I know this sounds like a slack thing to say but that's good to hear. I am not alone. I feel you explained perfectly my frustrations. I have tried this yeast on a number of occasions ans had the same result and am ready to give it the heave. Have tipped a whole brew of it not cause it was of, just cause it wasn't worth drinking. Only thing stopping me is the love of the style. Only one I have had that sort of worked was a wiezen bock that I put into secondary before I went away for 10 days last novemeber. So I have no idea what temps it sat at but it was probably warm. It had plenty of banana on my return home but still no phenolics. It's a pleasant beer though. Tasted crap out of primary.
Crossing my finger this will do a similar thing with the wheat DME priming so it is salvagable.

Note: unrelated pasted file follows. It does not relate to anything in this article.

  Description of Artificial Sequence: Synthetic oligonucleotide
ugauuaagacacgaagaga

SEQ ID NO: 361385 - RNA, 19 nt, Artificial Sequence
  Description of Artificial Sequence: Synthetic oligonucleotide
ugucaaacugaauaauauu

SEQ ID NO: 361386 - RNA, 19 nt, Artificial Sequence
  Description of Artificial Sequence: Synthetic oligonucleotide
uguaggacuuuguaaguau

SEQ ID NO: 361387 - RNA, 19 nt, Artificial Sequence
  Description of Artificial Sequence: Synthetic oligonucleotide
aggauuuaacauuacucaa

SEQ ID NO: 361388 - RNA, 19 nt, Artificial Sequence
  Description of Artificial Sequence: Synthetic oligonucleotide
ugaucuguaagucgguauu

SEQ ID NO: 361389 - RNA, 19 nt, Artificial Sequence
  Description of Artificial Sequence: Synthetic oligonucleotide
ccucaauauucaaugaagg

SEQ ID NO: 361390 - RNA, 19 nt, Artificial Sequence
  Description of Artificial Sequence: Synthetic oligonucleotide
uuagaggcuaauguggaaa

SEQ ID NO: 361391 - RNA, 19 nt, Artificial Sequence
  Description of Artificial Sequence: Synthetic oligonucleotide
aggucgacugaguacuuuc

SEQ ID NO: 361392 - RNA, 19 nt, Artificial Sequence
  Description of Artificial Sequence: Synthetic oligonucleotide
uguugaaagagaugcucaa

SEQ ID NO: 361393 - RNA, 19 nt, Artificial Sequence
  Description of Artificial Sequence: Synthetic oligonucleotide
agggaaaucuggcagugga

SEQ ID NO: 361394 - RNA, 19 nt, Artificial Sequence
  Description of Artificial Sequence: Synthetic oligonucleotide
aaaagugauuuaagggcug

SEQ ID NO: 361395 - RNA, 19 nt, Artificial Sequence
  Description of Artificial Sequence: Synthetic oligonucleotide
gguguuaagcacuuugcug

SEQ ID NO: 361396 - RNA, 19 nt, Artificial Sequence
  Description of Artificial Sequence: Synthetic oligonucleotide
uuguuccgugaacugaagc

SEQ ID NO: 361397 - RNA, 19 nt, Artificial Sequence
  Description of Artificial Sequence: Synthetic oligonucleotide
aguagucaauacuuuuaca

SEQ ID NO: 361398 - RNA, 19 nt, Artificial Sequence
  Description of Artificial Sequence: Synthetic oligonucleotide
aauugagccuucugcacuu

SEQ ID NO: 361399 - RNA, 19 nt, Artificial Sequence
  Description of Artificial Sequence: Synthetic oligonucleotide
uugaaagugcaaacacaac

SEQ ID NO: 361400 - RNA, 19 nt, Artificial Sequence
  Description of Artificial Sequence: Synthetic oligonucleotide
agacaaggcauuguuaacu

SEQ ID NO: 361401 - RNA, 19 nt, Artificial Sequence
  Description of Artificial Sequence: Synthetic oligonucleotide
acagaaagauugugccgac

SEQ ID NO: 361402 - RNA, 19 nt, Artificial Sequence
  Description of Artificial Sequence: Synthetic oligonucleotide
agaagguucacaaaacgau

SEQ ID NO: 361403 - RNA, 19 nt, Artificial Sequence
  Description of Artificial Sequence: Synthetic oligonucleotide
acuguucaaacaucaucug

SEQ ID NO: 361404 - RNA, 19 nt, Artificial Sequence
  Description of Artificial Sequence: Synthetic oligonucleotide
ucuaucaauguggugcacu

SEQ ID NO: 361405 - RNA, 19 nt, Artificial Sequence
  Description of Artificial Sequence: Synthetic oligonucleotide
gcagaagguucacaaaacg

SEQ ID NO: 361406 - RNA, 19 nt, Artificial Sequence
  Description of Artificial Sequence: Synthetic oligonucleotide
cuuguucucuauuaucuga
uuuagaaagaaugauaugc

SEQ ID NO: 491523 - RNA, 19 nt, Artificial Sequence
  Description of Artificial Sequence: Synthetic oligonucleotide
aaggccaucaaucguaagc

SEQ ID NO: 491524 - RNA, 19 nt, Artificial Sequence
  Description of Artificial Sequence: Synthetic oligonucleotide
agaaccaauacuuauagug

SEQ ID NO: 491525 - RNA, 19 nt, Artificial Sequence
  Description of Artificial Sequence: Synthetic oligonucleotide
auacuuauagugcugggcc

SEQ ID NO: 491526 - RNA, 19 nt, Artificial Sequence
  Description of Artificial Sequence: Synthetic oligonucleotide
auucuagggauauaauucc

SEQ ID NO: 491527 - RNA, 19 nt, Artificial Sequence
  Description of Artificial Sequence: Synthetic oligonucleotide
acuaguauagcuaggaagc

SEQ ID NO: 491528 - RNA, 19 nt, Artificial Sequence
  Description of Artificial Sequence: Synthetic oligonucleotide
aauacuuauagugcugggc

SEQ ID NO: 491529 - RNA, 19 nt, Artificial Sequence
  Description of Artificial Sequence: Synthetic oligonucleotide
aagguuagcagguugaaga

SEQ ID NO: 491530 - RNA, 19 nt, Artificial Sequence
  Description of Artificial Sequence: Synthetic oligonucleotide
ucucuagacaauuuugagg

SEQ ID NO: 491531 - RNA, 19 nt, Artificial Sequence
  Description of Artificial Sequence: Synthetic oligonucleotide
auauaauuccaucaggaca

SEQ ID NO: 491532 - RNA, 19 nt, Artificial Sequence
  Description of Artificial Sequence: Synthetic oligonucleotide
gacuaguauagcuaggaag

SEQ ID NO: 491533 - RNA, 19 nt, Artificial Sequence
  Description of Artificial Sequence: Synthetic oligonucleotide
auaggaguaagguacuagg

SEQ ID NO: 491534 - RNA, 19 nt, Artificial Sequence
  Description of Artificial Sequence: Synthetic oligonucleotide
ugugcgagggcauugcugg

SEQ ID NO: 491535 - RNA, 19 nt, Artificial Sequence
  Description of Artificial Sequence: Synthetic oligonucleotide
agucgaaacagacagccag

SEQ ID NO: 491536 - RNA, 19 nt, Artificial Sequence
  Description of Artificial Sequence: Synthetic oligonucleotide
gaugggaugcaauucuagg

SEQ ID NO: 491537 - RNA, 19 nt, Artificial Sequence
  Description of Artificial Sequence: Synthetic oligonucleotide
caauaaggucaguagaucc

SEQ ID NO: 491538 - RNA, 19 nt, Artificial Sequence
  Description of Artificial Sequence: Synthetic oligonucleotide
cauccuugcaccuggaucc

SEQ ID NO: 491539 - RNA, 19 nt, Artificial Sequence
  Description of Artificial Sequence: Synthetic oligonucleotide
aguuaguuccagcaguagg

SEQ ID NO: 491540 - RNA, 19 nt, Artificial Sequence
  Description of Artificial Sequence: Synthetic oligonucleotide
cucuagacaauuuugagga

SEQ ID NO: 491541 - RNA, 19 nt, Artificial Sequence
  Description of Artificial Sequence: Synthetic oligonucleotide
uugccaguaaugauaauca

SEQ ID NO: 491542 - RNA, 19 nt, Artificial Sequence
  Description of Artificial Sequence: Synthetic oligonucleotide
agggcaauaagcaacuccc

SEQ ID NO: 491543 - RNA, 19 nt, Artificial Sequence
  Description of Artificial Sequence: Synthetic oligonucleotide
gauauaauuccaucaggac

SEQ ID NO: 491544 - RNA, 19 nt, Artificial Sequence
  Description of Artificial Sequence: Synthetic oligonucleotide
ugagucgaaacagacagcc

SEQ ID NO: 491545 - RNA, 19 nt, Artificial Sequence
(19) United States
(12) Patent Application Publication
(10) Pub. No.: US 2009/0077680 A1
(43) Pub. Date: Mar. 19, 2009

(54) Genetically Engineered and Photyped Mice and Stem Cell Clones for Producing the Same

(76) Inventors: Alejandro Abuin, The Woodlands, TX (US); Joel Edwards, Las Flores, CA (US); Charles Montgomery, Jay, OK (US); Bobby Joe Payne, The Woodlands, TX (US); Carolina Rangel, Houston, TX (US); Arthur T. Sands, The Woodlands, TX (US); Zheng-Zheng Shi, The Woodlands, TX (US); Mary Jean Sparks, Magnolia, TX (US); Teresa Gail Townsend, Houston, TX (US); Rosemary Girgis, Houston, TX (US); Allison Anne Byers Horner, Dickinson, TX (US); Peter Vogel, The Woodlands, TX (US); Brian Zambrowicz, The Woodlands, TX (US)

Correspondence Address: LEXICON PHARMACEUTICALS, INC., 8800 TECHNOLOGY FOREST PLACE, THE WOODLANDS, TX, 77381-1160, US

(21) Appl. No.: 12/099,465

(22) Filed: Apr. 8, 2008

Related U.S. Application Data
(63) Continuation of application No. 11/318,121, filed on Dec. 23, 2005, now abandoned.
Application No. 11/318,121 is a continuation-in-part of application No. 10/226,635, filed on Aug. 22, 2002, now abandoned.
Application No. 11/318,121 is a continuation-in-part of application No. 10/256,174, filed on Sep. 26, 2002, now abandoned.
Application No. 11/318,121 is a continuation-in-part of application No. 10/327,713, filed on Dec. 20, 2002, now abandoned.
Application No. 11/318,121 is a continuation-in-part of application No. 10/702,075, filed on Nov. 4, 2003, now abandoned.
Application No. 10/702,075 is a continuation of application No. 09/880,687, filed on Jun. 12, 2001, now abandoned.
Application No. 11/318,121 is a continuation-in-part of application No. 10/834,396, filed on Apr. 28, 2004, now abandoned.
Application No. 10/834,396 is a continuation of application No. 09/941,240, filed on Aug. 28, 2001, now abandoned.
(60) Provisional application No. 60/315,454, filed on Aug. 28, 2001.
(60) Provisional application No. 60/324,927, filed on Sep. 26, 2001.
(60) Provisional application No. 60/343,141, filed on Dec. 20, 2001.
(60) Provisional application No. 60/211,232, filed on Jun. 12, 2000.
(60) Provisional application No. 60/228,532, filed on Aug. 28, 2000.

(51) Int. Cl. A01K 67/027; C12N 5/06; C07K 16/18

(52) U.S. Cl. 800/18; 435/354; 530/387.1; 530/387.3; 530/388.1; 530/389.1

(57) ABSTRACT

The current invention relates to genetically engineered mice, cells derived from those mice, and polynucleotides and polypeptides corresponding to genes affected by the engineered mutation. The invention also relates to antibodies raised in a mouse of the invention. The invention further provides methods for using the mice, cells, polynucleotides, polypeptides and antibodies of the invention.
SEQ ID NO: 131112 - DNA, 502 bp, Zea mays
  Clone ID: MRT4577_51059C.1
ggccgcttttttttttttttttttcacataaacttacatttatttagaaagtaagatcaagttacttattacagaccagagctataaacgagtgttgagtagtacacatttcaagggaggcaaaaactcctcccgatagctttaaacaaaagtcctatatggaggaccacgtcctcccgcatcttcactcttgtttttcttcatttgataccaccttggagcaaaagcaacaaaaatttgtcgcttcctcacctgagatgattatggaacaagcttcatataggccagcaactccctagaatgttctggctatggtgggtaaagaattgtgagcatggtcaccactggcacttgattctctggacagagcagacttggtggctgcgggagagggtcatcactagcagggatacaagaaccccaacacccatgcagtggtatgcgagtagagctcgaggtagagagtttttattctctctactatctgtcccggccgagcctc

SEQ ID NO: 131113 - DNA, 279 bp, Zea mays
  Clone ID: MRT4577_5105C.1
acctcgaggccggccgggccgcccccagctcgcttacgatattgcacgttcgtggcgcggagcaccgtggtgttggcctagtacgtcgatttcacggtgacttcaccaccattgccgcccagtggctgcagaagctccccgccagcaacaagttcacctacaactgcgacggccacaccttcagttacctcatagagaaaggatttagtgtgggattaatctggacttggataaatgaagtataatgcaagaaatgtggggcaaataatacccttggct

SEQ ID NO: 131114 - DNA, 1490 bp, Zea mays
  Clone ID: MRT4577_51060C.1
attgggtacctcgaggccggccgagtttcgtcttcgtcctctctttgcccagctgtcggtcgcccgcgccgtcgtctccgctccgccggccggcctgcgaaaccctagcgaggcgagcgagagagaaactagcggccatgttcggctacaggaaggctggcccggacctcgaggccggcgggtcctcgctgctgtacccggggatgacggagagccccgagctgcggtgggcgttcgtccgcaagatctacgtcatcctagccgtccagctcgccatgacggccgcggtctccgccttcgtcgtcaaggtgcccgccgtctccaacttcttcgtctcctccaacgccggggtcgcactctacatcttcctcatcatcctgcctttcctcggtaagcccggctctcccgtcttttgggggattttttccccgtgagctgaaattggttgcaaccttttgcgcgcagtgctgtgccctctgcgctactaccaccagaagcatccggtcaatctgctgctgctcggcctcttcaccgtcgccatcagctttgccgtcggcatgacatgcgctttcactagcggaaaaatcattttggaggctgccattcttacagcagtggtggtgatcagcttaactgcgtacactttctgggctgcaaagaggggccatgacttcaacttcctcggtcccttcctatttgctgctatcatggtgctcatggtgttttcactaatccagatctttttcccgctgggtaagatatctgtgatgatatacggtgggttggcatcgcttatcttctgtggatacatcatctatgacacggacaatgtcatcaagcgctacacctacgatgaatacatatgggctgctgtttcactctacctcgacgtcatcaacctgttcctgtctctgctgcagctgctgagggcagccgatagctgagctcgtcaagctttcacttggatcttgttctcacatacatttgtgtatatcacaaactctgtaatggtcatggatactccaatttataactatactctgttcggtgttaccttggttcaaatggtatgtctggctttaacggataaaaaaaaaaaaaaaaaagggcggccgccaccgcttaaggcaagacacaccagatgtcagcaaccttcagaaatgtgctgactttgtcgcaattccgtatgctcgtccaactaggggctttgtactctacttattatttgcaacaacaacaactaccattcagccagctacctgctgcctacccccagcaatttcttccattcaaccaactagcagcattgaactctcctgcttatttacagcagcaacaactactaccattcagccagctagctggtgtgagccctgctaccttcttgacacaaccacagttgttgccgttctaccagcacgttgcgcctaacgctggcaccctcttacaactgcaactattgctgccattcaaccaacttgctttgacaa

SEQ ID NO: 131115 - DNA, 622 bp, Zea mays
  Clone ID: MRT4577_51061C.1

From what I have read the wlp 300 is the same or very similar to the wyeast 3068 we are discussing.

If I crack it and find the holy grail of this yeast somehow I will let you know. No one deserves this anguish.

Cheers Borret
 

warrenlw63

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Yep,

It's very frustrating Borret. You get the impression that the yeast should do all the work but it lets you down. Not a real problem to mash wheat and barley (sometimes).

I've even gone 70% wheat and 30% barley to no avail. I've tried single decoction, step and single infusion mashes to achieve what I'm after.

Think I'm going to throw the rules out the window next time and try Seth's practice of fermenting warmer than what's considered normal.

My other main gripe with fermenting Weizens is the mess they make. IMO to ferment 20 litres you virtually need a 40 litre fermenter. :huh:

Warren -
(I'll get there one day)